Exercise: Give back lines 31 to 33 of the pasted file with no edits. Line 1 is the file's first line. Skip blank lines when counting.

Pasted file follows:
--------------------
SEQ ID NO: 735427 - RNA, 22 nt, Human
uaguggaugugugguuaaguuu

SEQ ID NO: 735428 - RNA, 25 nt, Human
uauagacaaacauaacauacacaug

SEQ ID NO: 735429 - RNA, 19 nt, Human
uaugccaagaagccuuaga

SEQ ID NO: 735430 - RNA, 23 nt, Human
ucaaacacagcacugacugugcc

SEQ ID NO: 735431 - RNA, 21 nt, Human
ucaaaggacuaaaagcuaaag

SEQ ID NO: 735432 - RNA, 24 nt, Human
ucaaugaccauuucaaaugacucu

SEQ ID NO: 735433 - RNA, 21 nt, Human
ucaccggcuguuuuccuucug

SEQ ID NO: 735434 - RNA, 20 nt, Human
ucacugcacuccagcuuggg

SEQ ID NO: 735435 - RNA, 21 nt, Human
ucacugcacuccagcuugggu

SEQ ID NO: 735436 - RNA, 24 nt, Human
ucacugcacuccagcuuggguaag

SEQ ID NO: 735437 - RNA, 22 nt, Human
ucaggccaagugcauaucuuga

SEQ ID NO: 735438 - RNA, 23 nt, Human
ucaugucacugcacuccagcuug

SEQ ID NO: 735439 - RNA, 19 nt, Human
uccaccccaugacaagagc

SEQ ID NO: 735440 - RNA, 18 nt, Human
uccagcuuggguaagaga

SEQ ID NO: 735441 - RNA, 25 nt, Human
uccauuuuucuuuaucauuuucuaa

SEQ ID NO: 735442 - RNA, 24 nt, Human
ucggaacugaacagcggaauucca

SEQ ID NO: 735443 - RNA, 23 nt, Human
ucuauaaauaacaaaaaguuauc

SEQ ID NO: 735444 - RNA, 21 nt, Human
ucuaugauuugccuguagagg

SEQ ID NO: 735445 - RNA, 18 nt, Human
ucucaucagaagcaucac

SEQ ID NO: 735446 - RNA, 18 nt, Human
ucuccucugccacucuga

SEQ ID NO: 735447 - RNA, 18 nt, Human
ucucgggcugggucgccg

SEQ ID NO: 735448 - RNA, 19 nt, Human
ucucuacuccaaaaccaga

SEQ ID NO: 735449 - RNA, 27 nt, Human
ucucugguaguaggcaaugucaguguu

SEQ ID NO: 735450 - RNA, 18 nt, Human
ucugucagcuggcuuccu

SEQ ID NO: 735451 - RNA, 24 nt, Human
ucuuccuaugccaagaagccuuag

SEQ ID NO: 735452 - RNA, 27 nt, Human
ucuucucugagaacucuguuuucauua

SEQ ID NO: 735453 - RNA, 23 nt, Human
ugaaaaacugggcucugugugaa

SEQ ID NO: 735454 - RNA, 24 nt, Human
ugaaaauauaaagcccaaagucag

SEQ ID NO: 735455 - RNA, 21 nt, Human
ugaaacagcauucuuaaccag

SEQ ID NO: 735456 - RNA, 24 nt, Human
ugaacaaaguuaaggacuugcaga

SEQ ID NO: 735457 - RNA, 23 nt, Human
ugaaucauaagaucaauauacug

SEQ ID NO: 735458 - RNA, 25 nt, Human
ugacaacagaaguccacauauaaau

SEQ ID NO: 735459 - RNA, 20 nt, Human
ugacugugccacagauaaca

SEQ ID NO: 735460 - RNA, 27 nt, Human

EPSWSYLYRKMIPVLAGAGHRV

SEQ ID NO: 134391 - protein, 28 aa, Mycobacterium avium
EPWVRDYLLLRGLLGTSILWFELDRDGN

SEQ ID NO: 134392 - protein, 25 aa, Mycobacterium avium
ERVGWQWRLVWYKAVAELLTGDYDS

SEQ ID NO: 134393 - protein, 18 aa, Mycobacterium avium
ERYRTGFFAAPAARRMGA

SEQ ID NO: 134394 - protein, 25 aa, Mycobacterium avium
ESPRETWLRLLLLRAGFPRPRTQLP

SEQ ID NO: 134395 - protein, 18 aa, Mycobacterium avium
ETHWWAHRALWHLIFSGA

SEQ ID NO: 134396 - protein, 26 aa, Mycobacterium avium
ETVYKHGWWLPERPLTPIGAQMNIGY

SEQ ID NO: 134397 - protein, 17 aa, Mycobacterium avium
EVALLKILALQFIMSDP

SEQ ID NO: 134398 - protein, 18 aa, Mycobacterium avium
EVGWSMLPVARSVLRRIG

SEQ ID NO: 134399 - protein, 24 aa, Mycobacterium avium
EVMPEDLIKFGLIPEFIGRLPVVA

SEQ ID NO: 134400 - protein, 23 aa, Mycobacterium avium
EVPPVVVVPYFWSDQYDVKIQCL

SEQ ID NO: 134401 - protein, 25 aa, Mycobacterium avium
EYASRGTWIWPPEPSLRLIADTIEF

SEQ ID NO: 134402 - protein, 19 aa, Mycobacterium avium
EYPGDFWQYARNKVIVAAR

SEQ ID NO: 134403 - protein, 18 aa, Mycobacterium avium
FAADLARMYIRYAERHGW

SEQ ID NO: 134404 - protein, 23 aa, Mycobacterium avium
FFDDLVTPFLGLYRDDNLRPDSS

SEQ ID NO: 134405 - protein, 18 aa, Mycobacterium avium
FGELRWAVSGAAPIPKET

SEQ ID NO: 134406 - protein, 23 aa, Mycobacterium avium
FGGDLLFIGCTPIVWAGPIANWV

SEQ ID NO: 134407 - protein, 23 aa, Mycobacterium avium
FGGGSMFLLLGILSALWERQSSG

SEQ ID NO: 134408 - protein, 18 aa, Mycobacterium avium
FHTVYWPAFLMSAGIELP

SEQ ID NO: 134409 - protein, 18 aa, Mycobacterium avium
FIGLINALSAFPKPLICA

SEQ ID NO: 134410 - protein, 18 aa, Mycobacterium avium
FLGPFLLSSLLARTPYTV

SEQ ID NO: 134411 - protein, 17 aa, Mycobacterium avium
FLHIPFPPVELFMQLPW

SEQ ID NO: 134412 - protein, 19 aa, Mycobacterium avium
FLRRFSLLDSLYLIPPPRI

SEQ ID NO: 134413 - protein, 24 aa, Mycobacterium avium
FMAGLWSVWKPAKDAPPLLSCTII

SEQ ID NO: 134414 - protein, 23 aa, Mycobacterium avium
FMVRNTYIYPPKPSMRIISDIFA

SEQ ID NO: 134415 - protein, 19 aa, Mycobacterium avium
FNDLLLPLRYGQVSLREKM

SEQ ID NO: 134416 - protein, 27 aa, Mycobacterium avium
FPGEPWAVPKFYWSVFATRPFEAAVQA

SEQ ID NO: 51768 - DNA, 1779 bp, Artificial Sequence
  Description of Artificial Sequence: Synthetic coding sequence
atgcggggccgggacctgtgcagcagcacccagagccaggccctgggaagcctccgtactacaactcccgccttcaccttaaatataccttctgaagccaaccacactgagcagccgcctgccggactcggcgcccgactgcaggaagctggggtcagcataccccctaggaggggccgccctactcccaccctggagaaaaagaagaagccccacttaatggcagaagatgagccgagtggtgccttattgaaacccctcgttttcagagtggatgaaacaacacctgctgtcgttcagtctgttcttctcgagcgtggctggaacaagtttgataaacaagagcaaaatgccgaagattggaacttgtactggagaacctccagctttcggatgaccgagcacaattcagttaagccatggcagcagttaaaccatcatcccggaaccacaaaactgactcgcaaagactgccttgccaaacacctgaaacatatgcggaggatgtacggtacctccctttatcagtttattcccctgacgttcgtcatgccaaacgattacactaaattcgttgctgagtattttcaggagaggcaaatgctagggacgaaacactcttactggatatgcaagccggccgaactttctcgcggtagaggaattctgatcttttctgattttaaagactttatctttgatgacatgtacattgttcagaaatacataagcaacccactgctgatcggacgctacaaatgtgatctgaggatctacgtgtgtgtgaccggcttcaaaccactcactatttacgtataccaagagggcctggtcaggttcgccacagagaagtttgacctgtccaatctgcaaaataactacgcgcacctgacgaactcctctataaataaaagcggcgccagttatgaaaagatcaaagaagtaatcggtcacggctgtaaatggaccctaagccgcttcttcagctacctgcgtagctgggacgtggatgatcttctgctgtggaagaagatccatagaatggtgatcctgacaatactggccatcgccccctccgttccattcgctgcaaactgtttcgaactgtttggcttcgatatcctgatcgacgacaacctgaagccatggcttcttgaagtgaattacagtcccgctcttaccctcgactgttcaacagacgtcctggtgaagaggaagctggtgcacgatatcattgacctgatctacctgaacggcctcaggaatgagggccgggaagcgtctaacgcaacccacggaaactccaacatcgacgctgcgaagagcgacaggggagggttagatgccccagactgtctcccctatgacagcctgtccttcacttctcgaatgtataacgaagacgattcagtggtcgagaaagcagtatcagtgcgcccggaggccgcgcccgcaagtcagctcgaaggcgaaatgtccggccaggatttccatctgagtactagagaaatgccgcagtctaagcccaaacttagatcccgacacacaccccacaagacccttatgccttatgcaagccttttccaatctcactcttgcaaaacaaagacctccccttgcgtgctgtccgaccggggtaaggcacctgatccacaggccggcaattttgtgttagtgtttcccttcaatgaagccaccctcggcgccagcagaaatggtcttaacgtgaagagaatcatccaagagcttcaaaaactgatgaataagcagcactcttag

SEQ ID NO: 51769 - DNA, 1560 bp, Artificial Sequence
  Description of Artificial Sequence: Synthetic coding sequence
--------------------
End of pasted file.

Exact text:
SEQ ID NO: 735442 - RNA, 24 nt, Human
ucggaacugaacagcggaauucca

SEQ ID NO: 735443 - RNA, 23 nt, Human